Club & Chapter News – Winter 2017
Every summer, alumni and parents open their hearts and homes to the incoming class. These informal events are true Norwich family gatherings, with NU parents, freshmen, students, staff, and alumni getting to know one another. This year, 40 sendoffs took place across the country, welcoming more than 200 first-year students and their families into the Norwich community and providing a sneak preview of life on the Hill.
One mother at the Chicagoland sendoff said, “It was a great opportunity for my son to speak with current students and learn about Rookdom. After the event, he felt much more confident and was doing fine as of the end of Rook Week.”
When asked what the highlight of the sendoff was, one incoming Maryland student said, “The alumni attending the event gave us great advice and were there to answer any questions we had. Receiving a challenge coin was also pretty neat.”
If you are interested in hosting a sendoff next summer for the Class of 2021, please contact Heather Socha at firstname.lastname@example.org or 802-485-2303.
Editor’s note: We regret we did not have room to publish all the sendoff photos in the printed Record. Below we have included all the sendoff photos we received.
Sendoffs Across the U.S.A.
Events and more can be found online at alumni.norwich.edu/calendar
NU Clubs of Cape Cod and D.C. Honor Veterans
The NU Club of Washington, D.C. Veterans Day service tradition takes place at Arlington National Cemetery. The group comes together each November to place NU flags and coins at the gravesites of Norwich alumni buried there. This year’s event was organized by Danielle DeForest ’01, M’05 and George Freeman ’94. Pictured are the gravestones of retired Army Lt. Gen. Edward H. “Ted” Brooks ’16, who survived both World Wars and Korea to live to be 85, Army 2nd Lt. Philip Benn ’67, who was killed by friendly artillery in Vietnam, and Army 2nd Lt. Stephanie Maree Hurley ’07, a former NU Women’s Rugby captain who died of a sudden illness in 2008. Additional November service events will appear in the spring 2017 Norwich Record.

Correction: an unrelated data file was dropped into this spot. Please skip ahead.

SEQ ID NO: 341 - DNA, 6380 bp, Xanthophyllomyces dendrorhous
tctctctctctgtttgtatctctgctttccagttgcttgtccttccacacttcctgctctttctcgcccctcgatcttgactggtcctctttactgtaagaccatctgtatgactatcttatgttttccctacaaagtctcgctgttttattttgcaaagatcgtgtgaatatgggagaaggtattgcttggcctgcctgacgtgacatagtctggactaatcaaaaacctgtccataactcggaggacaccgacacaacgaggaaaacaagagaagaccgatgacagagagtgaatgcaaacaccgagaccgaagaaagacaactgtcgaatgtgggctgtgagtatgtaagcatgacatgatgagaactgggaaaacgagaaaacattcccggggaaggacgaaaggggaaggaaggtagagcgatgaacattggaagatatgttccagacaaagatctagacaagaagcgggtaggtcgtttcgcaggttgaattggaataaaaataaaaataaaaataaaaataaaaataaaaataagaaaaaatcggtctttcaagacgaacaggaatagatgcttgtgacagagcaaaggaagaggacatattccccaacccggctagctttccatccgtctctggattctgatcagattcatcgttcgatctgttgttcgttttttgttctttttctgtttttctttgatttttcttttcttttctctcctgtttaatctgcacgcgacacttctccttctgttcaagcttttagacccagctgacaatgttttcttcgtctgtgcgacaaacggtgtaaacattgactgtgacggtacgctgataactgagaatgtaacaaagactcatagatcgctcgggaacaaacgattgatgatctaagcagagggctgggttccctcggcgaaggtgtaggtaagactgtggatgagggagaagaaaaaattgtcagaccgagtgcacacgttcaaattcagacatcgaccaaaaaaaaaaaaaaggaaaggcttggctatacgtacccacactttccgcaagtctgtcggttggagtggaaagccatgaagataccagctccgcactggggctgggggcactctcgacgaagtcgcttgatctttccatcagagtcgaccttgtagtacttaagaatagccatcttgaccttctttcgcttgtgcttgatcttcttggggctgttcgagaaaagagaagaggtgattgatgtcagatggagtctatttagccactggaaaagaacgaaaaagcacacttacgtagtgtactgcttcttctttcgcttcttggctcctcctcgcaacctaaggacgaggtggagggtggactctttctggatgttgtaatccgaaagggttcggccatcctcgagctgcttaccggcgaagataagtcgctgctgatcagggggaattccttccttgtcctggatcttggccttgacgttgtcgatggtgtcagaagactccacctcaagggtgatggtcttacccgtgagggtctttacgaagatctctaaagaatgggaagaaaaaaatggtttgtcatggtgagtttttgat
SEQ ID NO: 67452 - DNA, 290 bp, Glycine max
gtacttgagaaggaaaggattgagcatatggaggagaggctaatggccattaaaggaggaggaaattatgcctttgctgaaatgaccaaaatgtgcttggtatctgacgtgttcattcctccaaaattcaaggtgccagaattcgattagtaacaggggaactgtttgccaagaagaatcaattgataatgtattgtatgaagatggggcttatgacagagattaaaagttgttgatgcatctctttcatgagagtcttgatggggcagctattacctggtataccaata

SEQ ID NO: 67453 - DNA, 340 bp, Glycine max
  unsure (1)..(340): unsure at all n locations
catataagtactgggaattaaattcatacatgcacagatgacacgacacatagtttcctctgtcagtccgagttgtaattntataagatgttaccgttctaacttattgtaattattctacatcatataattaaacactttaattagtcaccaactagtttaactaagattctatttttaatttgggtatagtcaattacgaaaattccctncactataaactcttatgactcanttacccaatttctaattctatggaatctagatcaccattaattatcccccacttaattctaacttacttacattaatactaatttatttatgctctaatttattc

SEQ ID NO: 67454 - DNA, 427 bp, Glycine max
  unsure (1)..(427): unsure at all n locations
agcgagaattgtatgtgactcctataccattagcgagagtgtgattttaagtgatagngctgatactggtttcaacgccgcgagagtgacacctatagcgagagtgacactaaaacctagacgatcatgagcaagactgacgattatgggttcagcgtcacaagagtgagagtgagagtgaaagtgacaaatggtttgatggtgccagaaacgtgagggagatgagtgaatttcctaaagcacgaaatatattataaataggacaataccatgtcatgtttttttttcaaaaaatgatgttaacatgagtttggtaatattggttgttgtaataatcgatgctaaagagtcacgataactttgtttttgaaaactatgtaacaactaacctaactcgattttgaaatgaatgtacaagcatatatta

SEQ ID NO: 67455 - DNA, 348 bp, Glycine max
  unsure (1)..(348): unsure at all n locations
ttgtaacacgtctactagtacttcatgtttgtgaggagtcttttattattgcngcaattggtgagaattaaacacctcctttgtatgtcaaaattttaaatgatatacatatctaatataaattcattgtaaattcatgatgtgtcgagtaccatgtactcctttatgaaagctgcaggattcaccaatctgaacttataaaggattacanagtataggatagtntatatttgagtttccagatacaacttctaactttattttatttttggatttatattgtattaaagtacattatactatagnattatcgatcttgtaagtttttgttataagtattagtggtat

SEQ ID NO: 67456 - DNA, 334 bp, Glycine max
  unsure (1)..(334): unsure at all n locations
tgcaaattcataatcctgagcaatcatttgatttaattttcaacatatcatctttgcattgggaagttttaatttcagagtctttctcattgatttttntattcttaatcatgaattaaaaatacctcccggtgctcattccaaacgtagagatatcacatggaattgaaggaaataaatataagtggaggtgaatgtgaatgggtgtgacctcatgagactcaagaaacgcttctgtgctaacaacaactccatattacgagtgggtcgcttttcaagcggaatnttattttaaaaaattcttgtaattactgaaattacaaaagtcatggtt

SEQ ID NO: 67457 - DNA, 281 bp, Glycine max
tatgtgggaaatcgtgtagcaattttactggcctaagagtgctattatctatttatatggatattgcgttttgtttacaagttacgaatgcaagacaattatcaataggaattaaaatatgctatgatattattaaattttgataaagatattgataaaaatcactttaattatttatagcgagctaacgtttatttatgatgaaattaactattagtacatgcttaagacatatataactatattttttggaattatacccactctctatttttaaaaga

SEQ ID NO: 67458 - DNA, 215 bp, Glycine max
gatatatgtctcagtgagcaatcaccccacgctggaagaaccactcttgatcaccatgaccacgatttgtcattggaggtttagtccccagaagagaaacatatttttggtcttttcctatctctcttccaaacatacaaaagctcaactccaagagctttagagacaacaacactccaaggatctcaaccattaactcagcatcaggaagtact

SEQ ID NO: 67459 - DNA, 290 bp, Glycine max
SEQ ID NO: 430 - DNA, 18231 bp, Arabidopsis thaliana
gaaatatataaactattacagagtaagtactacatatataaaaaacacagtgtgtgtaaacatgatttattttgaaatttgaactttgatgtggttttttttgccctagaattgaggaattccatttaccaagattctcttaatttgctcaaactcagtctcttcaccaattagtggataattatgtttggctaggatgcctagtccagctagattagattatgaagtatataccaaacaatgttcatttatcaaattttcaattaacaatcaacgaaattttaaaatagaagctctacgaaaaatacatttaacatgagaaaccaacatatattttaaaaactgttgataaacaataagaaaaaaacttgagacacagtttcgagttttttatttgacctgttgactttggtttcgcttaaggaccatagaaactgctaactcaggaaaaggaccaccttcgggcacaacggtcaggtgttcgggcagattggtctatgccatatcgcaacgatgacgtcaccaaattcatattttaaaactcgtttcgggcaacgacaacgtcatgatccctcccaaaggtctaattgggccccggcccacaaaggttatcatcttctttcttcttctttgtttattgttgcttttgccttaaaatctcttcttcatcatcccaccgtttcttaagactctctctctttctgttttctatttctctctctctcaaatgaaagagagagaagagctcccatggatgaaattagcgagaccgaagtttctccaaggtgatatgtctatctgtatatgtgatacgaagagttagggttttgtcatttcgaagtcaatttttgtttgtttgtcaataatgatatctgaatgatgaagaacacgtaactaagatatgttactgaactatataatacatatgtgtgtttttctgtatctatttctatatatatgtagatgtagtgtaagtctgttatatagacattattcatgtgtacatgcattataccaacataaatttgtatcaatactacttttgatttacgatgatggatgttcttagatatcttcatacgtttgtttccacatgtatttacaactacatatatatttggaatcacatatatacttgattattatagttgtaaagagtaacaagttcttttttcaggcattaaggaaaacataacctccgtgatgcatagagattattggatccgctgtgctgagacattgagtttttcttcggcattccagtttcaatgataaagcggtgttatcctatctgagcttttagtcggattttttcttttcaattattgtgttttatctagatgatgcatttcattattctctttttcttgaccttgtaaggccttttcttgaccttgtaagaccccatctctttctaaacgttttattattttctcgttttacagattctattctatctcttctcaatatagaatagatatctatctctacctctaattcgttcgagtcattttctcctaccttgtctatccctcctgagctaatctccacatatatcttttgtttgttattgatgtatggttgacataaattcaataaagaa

Every November, on the Saturday before Veterans Day, Norwich alumni in the Cape Cod area come together to honor America’s veterans by placing American flags on their graves. Victor Kim ’60 was one of more than 70 alumni, family members, and friends of Norwich who joined the NU Club of Cape Cod and hundreds of other volunteers at Massachusetts National Cemetery in Bourne, Mass., on November 5, 2016, to place flags on 68,000 veterans graves. His personal account follows:
“I spent this morning at the Bourne National Cemetery with many of my Norwich schoolmates, including the spirit of my friend and classmate, Dick Schultz ’60, who passed away this summer after a 15-month battle with cancer. It was a beautiful, sunny day, and the place was packed with people and groups such as the hockey team from my old Bourne High School, Cadets from Massachusetts Maritime Academy, Boy and Girl Scout troops, uniformed representatives from every branch of service, and people from all walks of life. After some speeches, the reciting of the Pledge of Allegiance, and the playing of the National Anthem, the mass of people walked to preassigned locations where they picked up bundles of flags before fanning out between the rows of stones. In practically no time, a sea of red, white, and blue rectangles were waving in the breeze.”
What is remarkable is that as recently as seven years ago, such placing of flags was not allowed at Bourne. The tradition was inspired by Sgt. First Class Jared Monti, a Massachusetts-born veteran who lost his life in Afghanistan in 2006 while attempting to save a wounded comrade. Several years ago, Jared’s father, Paul Monti, a science teacher from Raynham, Mass., was denied permission to place a flag on his son’s grave. Undaunted, he followed the chain of command until he was granted permission. Told he could place a flag as long as he removed it a week later, he not only placed one on his son’s grave, but also saw to it that every grave in the cemetery received a flag. Today, Paul still organizes the annual Veterans Day flag-placing at Bourne, as well as one on Memorial Day. His son was posthumously awarded the Medal of Honor in 2009.